You wouldn’t hit a dog, so why kill one in Minecraft? Why violence against virtual animals is an ethical issue

Violence against animals in video games is ubiquitous. Players can kill or torture animals in various popular games, including Minecraft and Grand Theft Auto V. The rise of this (increasingly realistic) trend in games, along with people’s tendency to go along with it, raises important questions.


Violence against humans in video games has long been contentious—underpinned by the never-ending debate over whether on-screen violence begets the real thing. But violence against animals in video games has attracted considerably less attention.

In a recently published paper, we argue there is good reason to think violence against animals in video games is problematic—perhaps even more so than in-game violence against humans. We think game violence against animals is more likely to promote disrespect for their living counterparts.

The jury is out

In 2005, Australia banned a first-person shooter game called Postal 2, in which players could mutilate and desecrate (virtual) human bodies.

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Ethical hacker’s tips for how to protect yourself online

  • Frank Villani is a 53-year-old information security specialist based in New Jersey who’s worked in information technology for 24 years and IT security for 12 years.
  • He’s a ‘white hat’ hacker, someone who works on the inside of an organization to protect its internet systems from ‘black hat’ hackers who want to violate computer security for personal gain.
  • For personal security measures, Villani says you should change your passwords every 45 days, be careful using public ATMs, pay in cash or credit cards at gas stations, and avoid using public WiFi unless it asks for credentials or consent.
  • This is his story, as told to freelance writer Jenny Powers.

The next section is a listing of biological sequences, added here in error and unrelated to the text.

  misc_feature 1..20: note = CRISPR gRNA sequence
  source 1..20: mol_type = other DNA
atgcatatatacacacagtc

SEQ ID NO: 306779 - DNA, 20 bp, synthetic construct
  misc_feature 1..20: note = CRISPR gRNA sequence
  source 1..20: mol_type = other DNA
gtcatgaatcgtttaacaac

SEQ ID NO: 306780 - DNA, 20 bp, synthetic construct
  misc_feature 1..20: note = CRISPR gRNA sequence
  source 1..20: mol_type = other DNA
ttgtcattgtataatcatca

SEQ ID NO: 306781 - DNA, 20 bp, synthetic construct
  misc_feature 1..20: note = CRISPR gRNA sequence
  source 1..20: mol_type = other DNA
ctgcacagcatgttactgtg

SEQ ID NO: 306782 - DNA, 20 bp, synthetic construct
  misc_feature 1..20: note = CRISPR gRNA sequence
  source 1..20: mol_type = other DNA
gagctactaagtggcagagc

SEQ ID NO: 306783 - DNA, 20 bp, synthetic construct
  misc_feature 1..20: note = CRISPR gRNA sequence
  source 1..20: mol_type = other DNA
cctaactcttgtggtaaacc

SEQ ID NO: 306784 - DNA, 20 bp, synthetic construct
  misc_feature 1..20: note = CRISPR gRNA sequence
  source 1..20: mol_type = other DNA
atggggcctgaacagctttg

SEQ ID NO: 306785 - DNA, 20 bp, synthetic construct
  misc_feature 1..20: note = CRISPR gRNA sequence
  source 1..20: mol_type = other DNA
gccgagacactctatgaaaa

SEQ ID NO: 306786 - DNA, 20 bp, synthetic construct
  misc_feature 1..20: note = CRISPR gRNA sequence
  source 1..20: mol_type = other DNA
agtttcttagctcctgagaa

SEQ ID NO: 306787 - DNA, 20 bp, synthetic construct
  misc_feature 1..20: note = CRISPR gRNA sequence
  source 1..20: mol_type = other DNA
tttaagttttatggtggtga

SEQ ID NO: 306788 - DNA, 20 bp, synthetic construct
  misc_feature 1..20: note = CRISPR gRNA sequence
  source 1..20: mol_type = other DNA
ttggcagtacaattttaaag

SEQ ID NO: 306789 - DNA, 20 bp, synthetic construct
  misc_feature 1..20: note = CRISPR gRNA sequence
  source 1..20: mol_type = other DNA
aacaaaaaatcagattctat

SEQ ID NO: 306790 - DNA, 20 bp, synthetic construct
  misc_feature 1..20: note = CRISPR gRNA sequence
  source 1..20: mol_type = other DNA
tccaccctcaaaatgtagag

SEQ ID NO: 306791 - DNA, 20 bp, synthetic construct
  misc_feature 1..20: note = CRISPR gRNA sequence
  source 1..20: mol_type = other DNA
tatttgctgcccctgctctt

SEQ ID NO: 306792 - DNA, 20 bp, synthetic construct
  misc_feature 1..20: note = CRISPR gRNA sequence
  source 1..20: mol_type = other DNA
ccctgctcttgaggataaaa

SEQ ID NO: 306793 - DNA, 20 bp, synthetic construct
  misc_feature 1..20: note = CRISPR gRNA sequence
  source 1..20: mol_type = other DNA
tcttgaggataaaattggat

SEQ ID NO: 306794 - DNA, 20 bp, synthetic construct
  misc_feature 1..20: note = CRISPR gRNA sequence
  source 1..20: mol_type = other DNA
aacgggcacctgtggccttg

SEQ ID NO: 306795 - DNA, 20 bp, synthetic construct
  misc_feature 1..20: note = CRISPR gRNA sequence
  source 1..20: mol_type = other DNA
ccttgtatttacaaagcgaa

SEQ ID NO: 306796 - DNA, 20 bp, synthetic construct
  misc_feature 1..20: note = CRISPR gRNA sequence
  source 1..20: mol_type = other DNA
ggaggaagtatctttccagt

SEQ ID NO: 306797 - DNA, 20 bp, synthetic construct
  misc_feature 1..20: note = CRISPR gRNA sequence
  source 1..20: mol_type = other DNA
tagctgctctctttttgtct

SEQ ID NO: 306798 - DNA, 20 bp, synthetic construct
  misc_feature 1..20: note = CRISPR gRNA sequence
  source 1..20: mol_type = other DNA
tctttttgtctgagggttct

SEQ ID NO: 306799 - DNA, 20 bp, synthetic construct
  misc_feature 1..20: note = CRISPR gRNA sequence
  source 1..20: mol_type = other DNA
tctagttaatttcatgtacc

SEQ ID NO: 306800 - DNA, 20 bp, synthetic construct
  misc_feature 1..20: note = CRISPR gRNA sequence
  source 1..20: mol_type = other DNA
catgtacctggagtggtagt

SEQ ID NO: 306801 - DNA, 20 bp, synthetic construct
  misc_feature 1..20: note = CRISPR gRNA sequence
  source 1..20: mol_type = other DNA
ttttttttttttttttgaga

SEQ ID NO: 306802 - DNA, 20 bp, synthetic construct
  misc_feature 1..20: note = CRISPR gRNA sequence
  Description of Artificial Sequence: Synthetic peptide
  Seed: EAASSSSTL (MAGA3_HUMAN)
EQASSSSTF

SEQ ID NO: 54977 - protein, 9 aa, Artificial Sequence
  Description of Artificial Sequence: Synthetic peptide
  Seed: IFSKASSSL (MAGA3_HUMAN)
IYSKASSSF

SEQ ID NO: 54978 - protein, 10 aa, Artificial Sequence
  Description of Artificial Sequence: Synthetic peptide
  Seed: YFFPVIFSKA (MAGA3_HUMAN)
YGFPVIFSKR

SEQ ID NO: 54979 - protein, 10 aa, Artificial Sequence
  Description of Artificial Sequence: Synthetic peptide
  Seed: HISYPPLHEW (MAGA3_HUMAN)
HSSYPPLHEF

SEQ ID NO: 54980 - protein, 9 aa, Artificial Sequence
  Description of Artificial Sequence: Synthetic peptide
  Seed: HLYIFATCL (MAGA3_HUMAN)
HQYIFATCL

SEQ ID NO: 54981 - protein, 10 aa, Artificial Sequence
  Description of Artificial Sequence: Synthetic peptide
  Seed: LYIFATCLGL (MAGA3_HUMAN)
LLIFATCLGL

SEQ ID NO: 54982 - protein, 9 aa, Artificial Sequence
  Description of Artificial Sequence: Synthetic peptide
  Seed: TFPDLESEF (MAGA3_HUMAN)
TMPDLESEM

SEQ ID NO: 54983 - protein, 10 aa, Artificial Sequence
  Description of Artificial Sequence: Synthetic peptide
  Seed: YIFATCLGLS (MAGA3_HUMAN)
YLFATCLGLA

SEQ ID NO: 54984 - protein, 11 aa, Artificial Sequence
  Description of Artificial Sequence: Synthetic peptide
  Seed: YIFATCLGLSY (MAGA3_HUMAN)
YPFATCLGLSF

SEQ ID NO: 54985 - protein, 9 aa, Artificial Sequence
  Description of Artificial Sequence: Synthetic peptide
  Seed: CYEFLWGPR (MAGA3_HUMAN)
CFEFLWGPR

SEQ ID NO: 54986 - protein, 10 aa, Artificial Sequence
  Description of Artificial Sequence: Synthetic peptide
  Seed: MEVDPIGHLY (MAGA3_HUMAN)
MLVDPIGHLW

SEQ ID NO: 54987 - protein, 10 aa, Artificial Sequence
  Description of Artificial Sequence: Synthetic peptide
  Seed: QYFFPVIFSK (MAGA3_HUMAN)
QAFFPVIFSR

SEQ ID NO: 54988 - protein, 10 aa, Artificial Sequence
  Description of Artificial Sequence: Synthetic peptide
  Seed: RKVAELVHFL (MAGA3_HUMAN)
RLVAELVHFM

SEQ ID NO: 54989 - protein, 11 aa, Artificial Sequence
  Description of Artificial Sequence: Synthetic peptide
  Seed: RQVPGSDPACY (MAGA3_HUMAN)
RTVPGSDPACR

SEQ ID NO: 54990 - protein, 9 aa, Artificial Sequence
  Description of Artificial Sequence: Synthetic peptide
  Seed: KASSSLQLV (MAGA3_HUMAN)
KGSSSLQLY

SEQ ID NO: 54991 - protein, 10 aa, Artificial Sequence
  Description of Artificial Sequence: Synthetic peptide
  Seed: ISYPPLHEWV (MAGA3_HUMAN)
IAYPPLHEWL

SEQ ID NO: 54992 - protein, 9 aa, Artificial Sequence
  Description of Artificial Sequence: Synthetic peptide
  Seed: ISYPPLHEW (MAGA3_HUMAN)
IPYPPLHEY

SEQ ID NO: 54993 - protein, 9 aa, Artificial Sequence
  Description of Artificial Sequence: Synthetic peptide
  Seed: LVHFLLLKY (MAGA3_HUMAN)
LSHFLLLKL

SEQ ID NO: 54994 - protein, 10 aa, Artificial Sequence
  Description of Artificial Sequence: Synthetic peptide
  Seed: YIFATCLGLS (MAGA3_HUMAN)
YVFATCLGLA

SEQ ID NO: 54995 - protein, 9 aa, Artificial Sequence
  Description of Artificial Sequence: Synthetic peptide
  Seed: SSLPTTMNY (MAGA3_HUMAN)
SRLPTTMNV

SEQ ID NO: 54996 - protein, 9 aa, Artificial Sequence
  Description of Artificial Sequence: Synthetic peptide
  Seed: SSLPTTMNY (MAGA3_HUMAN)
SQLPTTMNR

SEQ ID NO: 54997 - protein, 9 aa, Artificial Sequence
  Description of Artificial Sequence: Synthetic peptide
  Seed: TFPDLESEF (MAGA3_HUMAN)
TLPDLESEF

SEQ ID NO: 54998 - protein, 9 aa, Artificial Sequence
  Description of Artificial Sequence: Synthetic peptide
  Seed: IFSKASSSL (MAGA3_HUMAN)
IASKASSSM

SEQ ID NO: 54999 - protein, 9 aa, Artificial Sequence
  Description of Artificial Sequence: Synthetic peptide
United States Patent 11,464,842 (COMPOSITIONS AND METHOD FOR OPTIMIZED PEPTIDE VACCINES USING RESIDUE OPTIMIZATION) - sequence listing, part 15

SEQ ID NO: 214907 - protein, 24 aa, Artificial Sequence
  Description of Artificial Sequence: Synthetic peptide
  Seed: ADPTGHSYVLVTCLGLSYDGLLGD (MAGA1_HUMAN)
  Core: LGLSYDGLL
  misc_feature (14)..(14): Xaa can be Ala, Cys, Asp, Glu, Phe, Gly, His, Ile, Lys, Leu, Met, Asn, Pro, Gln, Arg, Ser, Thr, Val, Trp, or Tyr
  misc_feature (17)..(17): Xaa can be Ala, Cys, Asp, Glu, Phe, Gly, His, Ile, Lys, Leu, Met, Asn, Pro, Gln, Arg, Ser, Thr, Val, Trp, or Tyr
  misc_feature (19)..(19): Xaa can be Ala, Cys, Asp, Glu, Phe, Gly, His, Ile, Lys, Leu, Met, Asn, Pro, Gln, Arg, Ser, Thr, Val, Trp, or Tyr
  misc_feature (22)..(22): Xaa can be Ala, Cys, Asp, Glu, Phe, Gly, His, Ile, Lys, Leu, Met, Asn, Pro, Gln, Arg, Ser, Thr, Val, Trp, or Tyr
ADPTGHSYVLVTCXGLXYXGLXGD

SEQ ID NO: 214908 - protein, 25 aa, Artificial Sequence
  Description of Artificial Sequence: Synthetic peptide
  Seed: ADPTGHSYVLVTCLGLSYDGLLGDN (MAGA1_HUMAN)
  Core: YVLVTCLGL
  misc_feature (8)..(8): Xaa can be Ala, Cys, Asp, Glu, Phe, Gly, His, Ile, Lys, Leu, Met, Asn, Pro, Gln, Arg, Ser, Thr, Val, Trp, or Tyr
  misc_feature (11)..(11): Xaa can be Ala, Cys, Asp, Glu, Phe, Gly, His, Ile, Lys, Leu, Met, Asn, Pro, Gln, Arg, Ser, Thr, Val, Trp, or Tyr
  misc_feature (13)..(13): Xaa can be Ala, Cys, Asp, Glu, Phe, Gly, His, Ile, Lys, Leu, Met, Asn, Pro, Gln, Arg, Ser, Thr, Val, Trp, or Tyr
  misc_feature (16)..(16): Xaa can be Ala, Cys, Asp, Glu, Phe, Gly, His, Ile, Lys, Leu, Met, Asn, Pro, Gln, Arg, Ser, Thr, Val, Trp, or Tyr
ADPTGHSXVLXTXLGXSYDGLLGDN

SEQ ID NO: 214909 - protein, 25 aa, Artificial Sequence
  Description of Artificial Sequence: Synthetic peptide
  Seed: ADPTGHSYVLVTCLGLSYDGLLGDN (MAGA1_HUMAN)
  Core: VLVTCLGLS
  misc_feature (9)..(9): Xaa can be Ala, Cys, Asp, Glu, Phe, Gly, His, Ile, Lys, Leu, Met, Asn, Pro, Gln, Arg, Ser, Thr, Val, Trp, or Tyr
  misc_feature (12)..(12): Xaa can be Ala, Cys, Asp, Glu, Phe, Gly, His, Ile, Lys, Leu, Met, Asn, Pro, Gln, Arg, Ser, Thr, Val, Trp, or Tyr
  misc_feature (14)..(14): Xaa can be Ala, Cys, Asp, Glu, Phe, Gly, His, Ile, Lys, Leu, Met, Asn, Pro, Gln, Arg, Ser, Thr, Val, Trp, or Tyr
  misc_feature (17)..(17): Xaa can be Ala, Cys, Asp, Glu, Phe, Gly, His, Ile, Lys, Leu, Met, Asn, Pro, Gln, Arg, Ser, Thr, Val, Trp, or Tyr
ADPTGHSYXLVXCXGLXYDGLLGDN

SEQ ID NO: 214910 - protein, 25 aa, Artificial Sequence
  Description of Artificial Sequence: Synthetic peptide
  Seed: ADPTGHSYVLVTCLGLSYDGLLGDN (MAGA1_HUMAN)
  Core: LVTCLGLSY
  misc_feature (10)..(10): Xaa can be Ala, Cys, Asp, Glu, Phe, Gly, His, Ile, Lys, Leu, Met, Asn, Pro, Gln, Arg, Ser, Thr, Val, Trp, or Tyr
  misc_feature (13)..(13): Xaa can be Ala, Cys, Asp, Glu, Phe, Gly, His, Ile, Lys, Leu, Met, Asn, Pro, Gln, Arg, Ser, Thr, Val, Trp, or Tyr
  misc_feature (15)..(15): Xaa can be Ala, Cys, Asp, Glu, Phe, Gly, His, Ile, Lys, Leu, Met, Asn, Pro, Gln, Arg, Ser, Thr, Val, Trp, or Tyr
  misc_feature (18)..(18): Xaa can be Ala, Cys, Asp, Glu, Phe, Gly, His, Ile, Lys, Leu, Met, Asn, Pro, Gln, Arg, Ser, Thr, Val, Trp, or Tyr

• Visit Business Insider’s homepage for more stories.

My name is Frank Villani. In a nutshell, my job is to test what those of us in the industry refer to as IOT — ‘the internet of things’ that encapsulates anything connected to

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Amber fossils offer a window into dinosaur times but pose ethical dilemmas

When it comes to dinosaurs, many of us think of towering skeletons dominating the atriums of the world’s great natural history museums.



The discovery of a dinosaur tail entombed in amber at a market in Myanmar near the Chinese border grabbed headlines in 2016.


© Royal Saskatchewan Museum (RSM/ R.C. McKellar)
The discovery of a dinosaur tail entombed in amber at a market in Myanmar near the Chinese border grabbed headlines in 2016.

But it’s the tiniest fossils that have transformed paleontology over the past five years.

Some of the field’s most extraordinary discoveries have come from amber: A dinosaur tail, parts of primitive birds, insects, lizards and flowers have all been found entombed in globs of 100 million-year-old tree resin.

They offer a tantalizing, three-dimensional look at dinosaur times. The vivid creatures and plants look like they just died yesterday with soft tissue in place and details like skin, coloring, feathers, teeth, leaves and petals exquisitely preserved — details that are often lost in the crush of fossils formed in rock.

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